At 7:30pm, Humbles passed 18-year-old Lewis McPherson, and two of his teenage friends, walking in the other direction toward a different party. The three young men greeted Humbles with words to the effect of 'What's up?'. Humbles fired at two of the teenagers but missed them both. Humbles then fired two shots at Mr McPherson which hit him in the chest, causing his death.
Humbles was subsequently convicted of one count of murder and two counts of attempted murder, and was sentenced to a lengthy period of imprisonment. Cullen was convicted of supplying Humbles with a Jensen .22 semi-automatic handgun without taking reasonable steps to satisfy himself that the person acquiring the firearm held a relevant permit, as well as other firearms and drug trafficking offences. He was sentenced, after applying a 30 per cent discount on account of prompt guilty pleas, to eight years imprisonment (four years for the drugs offences and four years for the firearms offences) with a minimum non-parole period of three years and three months.
The case generated much controversy, including over the fact that the existing statutory law and common law of extended common purpose was unable to attach criminal liability to Cullen for the shooting of McPherson. Public and political attention, and associated campaigning led by Mr McPherson's father, resulted in the passage of the Statutes Amendment (Firearms Offences) Act 2015 (SA) with all party support.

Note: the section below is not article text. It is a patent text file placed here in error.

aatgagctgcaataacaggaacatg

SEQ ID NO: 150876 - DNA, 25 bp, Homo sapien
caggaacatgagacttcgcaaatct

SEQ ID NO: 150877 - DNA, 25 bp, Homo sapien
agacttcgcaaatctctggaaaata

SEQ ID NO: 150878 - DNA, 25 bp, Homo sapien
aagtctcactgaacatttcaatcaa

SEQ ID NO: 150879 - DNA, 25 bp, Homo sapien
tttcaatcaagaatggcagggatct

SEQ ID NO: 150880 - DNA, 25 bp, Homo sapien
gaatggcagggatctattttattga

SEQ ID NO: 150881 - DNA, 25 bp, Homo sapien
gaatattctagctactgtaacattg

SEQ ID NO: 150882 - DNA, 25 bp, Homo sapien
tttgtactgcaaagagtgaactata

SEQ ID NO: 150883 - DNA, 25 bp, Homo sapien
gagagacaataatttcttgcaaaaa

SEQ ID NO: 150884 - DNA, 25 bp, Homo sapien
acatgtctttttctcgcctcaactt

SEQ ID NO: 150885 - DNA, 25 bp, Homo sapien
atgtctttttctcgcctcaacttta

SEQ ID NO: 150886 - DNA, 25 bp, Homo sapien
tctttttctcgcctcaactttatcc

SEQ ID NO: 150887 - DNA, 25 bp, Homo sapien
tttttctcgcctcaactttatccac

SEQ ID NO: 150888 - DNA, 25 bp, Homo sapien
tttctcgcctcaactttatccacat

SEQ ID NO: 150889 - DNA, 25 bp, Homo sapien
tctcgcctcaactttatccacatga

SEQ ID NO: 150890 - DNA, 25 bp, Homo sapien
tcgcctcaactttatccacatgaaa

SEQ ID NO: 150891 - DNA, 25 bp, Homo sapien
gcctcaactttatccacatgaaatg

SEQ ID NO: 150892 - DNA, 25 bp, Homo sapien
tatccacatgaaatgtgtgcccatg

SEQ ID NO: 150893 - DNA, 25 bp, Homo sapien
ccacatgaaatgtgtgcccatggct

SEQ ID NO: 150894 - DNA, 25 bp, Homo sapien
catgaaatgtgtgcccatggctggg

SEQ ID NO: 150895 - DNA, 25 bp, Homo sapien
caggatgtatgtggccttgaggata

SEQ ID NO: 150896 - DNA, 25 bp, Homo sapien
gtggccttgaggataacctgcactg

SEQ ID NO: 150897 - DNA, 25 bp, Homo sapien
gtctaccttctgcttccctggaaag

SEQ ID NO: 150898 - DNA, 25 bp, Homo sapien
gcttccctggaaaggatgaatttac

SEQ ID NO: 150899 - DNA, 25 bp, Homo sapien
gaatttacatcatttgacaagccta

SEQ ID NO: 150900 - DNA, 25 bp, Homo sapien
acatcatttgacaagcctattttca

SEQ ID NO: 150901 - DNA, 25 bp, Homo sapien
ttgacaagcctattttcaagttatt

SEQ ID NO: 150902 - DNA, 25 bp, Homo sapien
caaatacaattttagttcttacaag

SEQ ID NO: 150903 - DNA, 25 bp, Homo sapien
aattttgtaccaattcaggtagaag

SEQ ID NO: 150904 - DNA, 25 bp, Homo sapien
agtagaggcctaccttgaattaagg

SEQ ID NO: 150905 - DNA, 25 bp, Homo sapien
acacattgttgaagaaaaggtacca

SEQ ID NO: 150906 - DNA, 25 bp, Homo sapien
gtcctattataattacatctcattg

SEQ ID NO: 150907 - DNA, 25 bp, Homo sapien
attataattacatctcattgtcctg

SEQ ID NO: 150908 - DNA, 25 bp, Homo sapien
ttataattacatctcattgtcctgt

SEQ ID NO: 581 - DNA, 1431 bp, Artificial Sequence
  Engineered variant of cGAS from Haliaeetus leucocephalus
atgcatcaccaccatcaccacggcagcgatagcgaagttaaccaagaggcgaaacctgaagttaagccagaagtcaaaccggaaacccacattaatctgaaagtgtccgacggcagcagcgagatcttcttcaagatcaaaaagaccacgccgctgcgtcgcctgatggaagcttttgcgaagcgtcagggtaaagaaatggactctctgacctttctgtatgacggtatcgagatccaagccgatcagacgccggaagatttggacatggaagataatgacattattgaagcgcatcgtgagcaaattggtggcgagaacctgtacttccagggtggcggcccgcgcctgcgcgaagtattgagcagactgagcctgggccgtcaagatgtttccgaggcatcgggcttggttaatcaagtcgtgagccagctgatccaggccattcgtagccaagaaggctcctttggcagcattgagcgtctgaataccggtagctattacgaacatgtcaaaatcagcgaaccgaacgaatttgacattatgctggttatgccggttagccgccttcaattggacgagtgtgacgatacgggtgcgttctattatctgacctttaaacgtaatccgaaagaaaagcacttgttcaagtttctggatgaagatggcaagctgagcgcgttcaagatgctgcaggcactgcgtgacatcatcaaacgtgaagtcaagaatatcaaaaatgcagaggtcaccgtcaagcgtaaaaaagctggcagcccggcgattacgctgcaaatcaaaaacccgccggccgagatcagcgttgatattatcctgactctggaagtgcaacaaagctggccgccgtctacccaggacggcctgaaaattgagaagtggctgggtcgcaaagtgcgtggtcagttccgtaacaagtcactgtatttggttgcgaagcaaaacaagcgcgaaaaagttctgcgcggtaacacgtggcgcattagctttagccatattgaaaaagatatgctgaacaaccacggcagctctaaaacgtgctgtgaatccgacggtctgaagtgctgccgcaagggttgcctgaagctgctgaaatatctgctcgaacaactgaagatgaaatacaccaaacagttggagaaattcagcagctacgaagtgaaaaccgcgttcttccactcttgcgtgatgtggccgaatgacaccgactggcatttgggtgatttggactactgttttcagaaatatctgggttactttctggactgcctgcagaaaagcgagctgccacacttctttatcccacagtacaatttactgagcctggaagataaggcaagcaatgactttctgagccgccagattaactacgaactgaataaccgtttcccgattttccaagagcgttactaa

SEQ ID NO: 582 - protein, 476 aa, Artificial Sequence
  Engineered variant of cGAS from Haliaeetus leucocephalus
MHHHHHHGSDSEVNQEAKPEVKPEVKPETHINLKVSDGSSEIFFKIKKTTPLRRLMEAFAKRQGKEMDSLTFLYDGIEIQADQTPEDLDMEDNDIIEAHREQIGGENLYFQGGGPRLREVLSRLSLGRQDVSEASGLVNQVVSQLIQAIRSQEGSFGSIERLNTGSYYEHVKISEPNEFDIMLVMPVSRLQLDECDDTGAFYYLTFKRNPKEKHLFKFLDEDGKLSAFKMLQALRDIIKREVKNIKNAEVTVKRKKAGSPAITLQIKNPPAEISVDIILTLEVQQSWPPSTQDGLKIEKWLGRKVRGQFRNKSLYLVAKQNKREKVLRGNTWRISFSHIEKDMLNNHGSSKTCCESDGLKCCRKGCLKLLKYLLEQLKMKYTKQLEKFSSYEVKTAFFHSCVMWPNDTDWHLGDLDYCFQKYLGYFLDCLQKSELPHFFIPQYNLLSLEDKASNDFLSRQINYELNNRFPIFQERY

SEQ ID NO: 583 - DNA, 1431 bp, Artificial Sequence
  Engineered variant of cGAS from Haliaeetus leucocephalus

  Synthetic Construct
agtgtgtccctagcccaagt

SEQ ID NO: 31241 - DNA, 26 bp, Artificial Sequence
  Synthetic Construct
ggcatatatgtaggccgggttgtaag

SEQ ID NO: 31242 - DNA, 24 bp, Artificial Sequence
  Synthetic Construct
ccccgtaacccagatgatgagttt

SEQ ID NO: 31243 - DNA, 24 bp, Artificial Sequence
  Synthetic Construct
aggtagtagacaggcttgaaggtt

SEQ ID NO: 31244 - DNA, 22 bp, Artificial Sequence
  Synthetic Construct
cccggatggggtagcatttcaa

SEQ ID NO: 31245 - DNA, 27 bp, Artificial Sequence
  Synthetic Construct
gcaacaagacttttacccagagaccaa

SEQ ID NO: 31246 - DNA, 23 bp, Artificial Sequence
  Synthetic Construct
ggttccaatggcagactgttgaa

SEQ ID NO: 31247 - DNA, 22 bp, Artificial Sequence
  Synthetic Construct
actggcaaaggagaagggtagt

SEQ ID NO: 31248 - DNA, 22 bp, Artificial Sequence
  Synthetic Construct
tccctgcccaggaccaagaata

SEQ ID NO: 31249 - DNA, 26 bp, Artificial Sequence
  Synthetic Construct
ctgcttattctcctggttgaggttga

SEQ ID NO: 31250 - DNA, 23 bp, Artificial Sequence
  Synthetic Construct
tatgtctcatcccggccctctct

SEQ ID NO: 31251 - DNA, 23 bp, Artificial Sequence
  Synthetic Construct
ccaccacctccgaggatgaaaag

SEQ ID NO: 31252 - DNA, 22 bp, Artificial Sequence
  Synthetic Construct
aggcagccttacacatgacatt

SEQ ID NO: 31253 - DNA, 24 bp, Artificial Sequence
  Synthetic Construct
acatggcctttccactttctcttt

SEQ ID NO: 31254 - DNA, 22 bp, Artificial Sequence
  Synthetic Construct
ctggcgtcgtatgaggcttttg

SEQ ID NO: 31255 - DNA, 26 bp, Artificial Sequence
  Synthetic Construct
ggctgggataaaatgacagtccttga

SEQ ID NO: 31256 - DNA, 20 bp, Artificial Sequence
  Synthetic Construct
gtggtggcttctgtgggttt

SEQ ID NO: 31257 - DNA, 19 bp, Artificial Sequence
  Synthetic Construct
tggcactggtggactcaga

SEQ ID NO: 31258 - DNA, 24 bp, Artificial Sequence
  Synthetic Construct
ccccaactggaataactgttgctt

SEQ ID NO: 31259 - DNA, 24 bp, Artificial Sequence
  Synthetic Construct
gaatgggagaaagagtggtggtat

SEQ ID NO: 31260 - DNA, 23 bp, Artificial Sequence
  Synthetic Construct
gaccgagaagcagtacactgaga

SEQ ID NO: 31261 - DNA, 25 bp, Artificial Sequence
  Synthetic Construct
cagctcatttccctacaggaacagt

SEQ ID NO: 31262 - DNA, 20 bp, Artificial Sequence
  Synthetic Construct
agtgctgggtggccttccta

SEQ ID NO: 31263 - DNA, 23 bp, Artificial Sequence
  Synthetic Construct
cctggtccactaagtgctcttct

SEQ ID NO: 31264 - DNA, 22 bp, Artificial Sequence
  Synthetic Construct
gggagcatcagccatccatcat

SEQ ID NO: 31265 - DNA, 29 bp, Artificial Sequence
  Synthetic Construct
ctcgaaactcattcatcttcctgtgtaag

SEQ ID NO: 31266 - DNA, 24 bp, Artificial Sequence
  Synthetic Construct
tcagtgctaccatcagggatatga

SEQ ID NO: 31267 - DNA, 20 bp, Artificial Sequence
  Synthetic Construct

The new Act tightens sentences for firearms offending and introduces a new 'derivative' offence which provides that the supplier of an illicit firearm is criminally responsible for any subsequent offences committed with that firearm. If it applied at the time that Mr McPherson was murdered, Cullen's conviction of unlawfully supplying the illegal firearm to Humbles would have also allowed him to be convicted of murder and liable to the same sentence as Humbles.
The new derivative offence is certainly wide-ranging. It operates regardless of intention, knowledge, foresight, intention or remoteness. In this sense it imposes absolute liability for the consequences arising from the illegal supply of a firearm. The new offence has been described as 'unprecedented' by the Law Society of South Australia, which opposed its introduction. The Attorney-General accepts that the new offence departs from conventional principles of criminal liability and goes beyond the doctrine of extended common purpose. However, he justified it on the basis that firearms offences are a special case and it is appropriate that the unlawful supplier of a firearm be held criminally accountable for the consequences of the supply of 'a uniquely lethal weapon of spectacular danger.' The operation of the new offence will be interesting to see.
KELLIE TOOLE teaches criminal law and evidence law at the Adelaide Law School, and DAVID PLATER is the Deputy Director of the South Australian Law Reform Institute.